U.S. Rep. Mark Meadows, a Republican who represents the North Carolina congressional district where East Henderson High is located and attended the ceremony with his wife, said the giving of the letter to Yad Vashem was the kind of event that leaves a lasting impression.
“There are only a handful of events that touch you and will affect you forever,” Meadows told JTA. “This was one of those events.”
Lourie said that the letter’s power lies in its illuminating the lengths to which Betty Erb went to save herself and her future husband. As an educator in Yad Vashem’s pedagogical institute, Lourie plans to use the Erb letter as a teaching tool.
“Jews were not just victims,” Lourie said. “They were making choices, trying to get out. … They struggled for life. You read this letter, and here’s this woman reaching out to anybody who may be able to help her.”
She added, “It’s only when we zoom in to the story of the individual that we can understand the meaning of the six million.”
A good deal still remains unknown. Students are working to procure a photograph of Betty Erb and to learn whether John Erb ultimately sent funds to the Paris address of the Jewish resettlement agency HICEM. They also hope to uncover the path of the letter before it was purchased by Singer. And they would like to learn about Betty Erb’s life.
At last week’s ceremony, Lourie asked Morava and another senior who led the research effort, Breeana Clayton, to complete Yad Vashem Page of Testimony forms normally filled out by relatives to establish the identities of individuals killed in the Holocaust.
The name Betty Erb is bound to live on in future classes at East Henderson High, Singer said — an ironic legacy since the property where the school is now located was once used as a prisoner of war camp for German soldiers captured by American forces in Tunisia. The first German prisoners arrived in 1943, the same year that Betty Erb and Selling were deported to Theresienstadt. The couple died at Auschwitz the following year.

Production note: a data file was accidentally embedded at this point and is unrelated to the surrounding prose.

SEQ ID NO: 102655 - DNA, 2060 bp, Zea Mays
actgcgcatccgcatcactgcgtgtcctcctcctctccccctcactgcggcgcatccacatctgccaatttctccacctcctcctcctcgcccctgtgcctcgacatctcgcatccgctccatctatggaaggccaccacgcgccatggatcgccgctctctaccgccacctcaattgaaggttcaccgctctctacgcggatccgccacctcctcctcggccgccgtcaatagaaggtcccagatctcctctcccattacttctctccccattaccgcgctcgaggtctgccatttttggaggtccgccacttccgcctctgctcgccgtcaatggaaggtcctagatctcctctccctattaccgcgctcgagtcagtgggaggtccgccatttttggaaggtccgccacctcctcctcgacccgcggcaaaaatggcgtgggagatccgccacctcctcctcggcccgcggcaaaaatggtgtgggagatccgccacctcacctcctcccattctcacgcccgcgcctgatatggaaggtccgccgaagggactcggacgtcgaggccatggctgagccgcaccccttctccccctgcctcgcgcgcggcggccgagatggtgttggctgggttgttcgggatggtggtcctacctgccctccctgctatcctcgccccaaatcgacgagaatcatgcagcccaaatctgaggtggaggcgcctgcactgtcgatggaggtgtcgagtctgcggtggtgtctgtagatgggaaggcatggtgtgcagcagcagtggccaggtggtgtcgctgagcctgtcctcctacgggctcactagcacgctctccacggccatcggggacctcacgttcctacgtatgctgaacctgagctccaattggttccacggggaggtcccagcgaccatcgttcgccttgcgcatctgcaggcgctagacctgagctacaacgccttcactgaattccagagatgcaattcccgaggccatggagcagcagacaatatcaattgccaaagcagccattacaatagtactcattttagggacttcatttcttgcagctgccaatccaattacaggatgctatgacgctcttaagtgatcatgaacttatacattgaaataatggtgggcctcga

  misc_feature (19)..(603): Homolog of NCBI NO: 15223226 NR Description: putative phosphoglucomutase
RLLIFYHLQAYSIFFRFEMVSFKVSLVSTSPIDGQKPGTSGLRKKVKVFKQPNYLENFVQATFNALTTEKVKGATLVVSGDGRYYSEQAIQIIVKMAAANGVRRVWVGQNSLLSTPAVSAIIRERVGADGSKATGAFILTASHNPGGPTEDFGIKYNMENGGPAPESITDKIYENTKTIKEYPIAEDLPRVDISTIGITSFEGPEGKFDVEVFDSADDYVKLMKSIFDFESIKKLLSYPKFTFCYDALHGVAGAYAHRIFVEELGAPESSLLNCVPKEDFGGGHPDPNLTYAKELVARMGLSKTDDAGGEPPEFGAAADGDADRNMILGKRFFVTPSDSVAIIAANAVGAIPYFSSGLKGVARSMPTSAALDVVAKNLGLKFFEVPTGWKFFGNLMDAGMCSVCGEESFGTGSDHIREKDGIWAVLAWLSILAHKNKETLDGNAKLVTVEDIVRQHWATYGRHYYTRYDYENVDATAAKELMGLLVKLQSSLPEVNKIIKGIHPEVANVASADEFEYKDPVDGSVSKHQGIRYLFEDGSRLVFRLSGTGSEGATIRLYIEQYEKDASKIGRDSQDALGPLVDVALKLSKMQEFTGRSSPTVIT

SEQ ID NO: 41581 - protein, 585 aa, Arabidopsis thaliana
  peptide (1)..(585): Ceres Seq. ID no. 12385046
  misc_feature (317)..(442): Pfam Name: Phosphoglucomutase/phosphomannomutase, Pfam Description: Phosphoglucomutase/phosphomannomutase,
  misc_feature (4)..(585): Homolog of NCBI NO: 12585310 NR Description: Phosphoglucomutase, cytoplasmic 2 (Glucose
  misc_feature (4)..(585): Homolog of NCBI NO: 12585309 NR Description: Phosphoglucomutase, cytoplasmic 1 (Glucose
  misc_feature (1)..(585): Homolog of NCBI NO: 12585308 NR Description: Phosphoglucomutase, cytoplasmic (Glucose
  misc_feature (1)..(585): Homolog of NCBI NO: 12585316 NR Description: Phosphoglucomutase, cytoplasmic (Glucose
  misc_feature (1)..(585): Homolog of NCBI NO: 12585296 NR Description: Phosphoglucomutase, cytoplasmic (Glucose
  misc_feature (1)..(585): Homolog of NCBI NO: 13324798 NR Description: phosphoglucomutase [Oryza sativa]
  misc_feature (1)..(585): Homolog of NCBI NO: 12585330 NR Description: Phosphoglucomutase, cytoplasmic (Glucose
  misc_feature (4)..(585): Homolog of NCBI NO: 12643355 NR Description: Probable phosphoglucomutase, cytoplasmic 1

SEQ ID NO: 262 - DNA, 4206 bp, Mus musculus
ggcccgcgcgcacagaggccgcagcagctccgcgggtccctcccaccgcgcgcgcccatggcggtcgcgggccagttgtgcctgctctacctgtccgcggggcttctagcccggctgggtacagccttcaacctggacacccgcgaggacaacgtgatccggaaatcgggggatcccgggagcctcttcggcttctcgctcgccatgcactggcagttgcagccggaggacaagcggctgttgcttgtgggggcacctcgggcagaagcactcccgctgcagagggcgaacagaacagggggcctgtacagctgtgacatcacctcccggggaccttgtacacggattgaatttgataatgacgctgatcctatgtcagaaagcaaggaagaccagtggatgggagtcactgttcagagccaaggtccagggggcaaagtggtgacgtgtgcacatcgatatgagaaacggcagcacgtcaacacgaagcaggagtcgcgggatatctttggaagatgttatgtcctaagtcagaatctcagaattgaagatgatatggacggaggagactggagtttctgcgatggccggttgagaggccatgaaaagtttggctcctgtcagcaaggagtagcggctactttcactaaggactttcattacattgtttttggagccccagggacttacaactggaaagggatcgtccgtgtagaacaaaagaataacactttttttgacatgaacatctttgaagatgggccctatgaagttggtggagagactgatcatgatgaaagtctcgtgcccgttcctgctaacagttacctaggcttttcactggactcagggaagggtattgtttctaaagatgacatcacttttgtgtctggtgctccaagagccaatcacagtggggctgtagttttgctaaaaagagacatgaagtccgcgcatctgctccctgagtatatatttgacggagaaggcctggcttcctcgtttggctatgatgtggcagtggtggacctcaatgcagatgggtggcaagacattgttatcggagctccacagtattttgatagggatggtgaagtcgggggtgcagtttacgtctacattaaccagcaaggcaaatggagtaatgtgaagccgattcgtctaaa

Virgo Students Win State Law Day Awards
Thursday, May 14, 2015 at 9:20:00 am
Malik Gordon Willie Mack Jr.
Two local students have earned statewide recognition in a North Carolina Bar Association contest.
Virgo Preparatory Academy sixth-graders Malik Gordon and Willie Mack Jr. were among students from across the state who gathered in Raleigh on May 1 for the annual Law Day observance. There, they received awards for first and third place, respectively in a Law Day photo essay contest.
The Young Lawyers Division of the North Carolina Bar Association (NCBA) organizes the contest–as well as competitions in essay writing, poster art and moot court, as part of Law Day each year.
Law Day festivities allow students and their families the opportunity to meet state Supreme Court justices, appellate court judges, attorneys, NCBA leaders and lawmakers.
The Virgo students were treated to awards luncheon at the City Clubm where NCBA President Catharine Arrowood presented the Law Day Proclamation issued by Gov. Pat McCrory.
Grant Will Help County, City Systems to Create Math Institute
Tuesday, May 12, 2015 at 2:30:00 pm
The Davidson County and Lexington City school systems are part of a Piedmont Triad Educational Consortium that has been awarded a three-year, $1.6 million grant to create a Mathematics and Leadership Institute.
The partnership also includes Mount Airy City Schools (which is the fiscal agent), Alamance-Burlington Schools, Randolph County Schools, Wake Forest University and the University of Texas at Dallas.
Together they will deliver a regional Mathematics Content and Leadership Institute that serves kindergarten to eighth-grade math teachers to help them be more prepared to teach students to be college and career ready.
"This grant will provide the opportunity for the Davidson County Schools teachers to continue to learn and grow as we focus on problem- and project-based learning in the K-8 classrooms," said Davidson County Schools Superintendent Dr. Lory Morrow. "I appreciate Dr. (Larry) Coble (executive director of the Piedmont Triad Educational Consortium) and (the) … consortium for providing this incredible learning partnership."